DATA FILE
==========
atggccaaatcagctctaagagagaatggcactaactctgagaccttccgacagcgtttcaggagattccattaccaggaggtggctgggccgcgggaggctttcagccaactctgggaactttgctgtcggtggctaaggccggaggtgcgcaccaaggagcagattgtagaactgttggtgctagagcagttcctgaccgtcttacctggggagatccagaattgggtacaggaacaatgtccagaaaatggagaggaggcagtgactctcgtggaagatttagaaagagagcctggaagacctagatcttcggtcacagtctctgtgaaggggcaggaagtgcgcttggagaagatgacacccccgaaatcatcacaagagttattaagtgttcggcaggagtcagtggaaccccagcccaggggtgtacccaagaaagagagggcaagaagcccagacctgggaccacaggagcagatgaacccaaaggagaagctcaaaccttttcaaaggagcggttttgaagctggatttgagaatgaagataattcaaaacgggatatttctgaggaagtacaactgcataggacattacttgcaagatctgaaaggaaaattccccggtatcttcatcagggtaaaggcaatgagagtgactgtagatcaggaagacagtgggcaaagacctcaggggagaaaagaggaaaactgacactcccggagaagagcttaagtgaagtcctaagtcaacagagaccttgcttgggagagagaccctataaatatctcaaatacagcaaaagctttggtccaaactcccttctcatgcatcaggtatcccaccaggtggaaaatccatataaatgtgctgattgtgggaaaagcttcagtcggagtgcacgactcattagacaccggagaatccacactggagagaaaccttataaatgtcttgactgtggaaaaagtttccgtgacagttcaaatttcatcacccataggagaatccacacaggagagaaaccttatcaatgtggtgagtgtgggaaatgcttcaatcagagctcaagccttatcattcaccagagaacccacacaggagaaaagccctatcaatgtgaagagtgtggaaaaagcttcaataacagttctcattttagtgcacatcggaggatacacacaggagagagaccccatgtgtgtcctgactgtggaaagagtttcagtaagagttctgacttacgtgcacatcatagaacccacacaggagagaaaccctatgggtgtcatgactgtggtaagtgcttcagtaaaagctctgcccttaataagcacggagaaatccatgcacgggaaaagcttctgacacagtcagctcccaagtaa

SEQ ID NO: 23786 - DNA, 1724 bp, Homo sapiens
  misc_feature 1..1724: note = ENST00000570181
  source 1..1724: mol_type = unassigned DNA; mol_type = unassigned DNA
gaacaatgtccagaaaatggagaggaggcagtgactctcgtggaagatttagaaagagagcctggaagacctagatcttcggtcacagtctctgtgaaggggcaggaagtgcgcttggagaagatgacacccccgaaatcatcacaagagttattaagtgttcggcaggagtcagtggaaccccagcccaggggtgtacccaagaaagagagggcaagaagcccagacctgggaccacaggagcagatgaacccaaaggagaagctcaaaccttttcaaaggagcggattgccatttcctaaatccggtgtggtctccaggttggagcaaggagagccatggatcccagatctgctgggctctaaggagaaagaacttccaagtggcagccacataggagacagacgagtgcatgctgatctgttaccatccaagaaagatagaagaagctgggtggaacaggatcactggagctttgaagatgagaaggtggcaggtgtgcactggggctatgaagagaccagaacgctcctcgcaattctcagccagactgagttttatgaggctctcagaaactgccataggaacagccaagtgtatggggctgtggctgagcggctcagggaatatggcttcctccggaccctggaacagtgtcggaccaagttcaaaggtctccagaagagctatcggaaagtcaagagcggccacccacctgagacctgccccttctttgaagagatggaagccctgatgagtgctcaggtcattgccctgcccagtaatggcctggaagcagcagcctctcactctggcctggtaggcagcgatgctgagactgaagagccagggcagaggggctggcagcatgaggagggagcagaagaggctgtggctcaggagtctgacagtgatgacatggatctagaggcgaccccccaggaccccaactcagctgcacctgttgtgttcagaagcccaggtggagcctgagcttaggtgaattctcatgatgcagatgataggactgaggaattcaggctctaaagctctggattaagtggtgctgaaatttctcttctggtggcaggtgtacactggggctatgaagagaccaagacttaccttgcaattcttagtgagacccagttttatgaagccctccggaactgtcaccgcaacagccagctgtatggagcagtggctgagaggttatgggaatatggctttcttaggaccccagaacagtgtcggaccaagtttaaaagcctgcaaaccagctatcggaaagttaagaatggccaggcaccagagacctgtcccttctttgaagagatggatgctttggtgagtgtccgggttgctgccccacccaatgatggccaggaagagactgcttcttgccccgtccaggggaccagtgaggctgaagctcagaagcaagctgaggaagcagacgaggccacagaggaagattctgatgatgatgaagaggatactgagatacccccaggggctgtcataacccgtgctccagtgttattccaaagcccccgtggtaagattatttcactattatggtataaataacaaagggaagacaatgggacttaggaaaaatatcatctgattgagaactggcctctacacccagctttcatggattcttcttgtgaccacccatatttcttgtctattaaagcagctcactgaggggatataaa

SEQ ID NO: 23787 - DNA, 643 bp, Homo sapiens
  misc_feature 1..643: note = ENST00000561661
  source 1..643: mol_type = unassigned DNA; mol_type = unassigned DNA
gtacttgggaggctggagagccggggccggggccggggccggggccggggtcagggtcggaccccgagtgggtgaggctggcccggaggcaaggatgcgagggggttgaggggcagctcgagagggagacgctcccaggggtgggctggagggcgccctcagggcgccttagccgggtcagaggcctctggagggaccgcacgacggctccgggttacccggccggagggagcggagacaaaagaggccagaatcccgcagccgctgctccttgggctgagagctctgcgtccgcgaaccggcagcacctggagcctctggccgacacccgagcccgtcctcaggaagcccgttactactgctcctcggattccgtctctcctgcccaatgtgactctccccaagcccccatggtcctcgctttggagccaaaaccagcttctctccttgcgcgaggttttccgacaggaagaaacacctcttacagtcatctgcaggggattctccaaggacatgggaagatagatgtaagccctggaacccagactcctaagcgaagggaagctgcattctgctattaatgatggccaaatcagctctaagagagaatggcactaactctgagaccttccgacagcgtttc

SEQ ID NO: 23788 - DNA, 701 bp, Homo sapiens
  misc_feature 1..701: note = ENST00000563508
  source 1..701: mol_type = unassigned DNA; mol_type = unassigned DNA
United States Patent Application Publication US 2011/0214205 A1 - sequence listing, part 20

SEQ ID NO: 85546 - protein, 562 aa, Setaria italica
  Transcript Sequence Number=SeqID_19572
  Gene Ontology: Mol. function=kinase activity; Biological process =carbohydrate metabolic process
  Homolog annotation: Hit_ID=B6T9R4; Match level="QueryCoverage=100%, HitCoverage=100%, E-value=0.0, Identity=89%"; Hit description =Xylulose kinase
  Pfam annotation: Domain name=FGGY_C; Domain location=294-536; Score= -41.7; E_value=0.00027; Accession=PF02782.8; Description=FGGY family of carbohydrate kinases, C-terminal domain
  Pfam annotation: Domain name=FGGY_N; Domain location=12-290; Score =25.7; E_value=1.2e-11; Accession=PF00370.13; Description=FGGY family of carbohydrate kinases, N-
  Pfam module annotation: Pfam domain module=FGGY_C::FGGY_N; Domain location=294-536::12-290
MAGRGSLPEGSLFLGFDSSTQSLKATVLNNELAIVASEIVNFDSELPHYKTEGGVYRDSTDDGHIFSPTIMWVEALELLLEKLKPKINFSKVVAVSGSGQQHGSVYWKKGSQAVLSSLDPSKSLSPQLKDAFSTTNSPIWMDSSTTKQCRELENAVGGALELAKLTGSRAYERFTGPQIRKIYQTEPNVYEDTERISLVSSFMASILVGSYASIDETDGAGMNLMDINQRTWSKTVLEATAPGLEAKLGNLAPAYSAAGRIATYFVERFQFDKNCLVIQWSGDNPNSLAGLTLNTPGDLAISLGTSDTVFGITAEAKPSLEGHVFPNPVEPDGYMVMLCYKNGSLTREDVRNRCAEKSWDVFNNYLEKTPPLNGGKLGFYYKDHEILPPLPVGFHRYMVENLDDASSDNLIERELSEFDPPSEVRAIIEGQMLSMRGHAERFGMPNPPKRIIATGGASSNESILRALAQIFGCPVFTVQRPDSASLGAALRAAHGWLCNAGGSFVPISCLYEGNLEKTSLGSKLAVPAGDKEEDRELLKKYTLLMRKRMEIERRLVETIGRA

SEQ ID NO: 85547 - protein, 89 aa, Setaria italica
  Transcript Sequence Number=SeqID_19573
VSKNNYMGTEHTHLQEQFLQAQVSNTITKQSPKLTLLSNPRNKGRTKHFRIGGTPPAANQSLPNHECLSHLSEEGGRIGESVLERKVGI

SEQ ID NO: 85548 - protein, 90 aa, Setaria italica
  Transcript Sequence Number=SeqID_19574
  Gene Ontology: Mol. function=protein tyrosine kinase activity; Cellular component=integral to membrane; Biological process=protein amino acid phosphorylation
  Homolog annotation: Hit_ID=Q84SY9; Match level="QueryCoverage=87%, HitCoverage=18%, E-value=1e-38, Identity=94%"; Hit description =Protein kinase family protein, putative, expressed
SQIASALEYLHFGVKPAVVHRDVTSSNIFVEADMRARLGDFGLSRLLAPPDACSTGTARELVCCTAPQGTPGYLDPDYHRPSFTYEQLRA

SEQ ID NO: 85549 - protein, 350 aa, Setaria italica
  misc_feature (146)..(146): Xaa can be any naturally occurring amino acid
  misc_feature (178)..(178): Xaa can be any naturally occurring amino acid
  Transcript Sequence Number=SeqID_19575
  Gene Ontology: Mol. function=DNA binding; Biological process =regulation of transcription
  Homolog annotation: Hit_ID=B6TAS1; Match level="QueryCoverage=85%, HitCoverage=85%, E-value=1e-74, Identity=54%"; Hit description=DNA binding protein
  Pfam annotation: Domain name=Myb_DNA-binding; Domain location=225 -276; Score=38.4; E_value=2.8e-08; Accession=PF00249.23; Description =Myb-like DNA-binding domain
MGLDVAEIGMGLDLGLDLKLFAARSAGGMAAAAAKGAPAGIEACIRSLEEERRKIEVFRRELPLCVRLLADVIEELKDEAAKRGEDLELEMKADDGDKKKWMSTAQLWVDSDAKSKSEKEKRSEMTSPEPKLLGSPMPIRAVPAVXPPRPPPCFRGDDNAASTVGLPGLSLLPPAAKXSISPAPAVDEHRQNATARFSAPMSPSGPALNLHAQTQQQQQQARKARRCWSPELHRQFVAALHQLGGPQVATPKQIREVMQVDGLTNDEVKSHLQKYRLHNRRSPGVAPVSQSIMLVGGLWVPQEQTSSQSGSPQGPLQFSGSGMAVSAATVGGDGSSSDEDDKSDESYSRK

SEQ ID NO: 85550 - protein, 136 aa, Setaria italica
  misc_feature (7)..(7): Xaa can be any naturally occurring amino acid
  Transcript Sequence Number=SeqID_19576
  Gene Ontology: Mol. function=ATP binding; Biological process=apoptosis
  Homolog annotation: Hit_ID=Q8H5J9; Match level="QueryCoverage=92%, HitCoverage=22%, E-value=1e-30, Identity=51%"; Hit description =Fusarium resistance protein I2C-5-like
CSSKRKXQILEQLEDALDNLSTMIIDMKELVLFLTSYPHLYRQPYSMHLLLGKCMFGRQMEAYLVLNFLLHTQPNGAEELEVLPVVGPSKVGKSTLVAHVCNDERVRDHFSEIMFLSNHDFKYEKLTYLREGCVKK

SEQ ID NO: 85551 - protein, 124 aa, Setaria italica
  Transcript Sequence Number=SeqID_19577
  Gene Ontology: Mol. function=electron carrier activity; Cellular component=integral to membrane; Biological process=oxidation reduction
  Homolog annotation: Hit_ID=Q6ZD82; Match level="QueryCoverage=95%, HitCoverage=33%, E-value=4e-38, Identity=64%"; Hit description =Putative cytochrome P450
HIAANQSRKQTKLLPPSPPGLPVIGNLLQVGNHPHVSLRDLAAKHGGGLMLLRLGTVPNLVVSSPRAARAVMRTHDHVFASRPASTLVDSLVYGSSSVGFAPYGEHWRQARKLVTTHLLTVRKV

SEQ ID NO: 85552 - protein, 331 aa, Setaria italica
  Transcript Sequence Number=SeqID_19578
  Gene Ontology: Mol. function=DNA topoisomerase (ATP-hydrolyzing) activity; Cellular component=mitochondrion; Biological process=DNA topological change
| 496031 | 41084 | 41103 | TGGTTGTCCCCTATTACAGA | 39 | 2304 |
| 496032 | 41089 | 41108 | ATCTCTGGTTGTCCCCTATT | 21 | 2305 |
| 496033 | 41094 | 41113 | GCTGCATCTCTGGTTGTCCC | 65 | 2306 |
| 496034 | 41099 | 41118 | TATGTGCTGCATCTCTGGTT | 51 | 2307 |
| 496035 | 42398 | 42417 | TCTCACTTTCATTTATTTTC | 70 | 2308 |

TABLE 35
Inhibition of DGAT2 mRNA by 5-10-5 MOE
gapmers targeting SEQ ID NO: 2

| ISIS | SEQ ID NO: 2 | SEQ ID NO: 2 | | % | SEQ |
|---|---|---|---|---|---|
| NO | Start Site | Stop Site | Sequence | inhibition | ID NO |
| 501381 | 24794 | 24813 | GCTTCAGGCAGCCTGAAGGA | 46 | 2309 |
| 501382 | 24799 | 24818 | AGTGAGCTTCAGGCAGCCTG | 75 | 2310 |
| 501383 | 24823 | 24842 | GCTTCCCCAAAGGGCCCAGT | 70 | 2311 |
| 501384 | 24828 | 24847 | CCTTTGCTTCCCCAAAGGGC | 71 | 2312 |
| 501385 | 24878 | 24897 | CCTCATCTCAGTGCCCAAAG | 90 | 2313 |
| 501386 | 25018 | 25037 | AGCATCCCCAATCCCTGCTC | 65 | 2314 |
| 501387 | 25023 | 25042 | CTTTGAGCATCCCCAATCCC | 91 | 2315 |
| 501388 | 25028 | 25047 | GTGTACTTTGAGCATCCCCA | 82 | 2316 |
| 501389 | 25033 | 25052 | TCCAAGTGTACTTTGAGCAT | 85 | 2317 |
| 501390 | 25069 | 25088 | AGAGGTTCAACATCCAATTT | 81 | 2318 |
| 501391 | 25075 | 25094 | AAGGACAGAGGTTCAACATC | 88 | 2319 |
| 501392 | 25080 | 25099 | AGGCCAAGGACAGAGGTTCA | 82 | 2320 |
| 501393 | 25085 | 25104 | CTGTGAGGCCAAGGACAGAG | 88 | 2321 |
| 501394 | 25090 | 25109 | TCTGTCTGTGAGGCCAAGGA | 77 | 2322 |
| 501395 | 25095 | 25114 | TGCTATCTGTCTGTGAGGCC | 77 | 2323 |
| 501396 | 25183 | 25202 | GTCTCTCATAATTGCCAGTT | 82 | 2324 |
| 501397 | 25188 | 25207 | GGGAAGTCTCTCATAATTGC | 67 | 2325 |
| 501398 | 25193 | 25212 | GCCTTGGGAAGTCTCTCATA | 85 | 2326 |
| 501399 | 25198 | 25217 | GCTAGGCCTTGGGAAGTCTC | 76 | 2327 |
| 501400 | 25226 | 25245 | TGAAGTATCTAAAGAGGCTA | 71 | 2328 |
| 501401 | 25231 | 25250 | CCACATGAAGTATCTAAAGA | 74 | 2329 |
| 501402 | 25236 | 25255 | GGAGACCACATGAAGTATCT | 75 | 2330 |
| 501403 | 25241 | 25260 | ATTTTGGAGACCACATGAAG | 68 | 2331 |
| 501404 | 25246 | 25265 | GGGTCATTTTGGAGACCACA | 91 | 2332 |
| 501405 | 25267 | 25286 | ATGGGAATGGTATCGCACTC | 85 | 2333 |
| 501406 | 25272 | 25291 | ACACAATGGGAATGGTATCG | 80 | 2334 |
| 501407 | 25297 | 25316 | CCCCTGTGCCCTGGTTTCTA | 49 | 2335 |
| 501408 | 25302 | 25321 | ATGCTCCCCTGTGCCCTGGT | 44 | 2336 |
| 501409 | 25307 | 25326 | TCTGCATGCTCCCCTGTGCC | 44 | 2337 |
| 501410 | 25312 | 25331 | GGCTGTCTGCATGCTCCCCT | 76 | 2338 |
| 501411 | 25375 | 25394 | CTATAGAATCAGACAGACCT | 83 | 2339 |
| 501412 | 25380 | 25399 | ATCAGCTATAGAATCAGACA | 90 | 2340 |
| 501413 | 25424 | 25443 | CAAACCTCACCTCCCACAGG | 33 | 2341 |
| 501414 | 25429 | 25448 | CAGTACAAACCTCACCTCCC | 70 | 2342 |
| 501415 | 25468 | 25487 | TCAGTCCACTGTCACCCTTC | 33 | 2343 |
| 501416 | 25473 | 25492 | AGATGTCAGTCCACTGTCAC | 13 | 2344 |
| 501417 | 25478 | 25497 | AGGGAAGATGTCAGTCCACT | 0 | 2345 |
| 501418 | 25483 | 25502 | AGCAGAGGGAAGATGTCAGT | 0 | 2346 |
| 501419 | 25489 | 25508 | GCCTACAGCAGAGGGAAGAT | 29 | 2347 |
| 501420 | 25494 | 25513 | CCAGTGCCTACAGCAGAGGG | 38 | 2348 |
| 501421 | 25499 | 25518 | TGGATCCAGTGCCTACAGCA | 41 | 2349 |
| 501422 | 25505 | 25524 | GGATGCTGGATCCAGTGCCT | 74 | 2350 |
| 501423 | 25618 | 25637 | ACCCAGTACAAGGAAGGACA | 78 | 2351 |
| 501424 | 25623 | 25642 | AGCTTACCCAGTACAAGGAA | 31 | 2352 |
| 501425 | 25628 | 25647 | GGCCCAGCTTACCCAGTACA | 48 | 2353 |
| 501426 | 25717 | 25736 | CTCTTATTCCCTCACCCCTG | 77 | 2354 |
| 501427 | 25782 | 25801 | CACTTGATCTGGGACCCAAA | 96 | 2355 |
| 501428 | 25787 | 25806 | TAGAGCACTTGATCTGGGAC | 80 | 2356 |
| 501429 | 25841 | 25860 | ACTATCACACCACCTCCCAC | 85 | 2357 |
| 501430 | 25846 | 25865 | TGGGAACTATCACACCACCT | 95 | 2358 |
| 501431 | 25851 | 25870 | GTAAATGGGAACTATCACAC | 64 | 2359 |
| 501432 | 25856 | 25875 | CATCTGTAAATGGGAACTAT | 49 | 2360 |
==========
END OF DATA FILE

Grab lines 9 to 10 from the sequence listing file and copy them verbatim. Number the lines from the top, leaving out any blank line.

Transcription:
gtacttgggaggctggagagccggggccggggccggggccggggccggggtcagggtcggaccccgagtgggtgaggctggcccggaggcaaggatgcgagggggttgaggggcagctcgagagggagacgctcccaggggtgggctggagggcgccctcagggcgccttagccgggtcagaggcctctggagggaccgcacgacggctccgggttacccggccggagggagcggagacaaaagaggccagaatcccgcagccgctgctccttgggctgagagctctgcgtccgcgaaccggcagcacctggagcctctggccgacacccgagcccgtcctcaggaagcccgttactactgctcctcggattccgtctctcctgcccaatgtgactctccccaagcccccatggtcctcgctttggagccaaaaccagcttctctccttgcgcgaggttttccgacaggaagaaacacctcttacagtcatctgcaggggattctccaaggacatgggaagatagatgtaagccctggaacccagactcctaagcgaagggaagctgcattctgctattaatgatggccaaatcagctctaagagagaatggcactaactctgagaccttccgacagcgtttc

SEQ ID NO: 23788 - DNA, 701 bp, Homo sapiens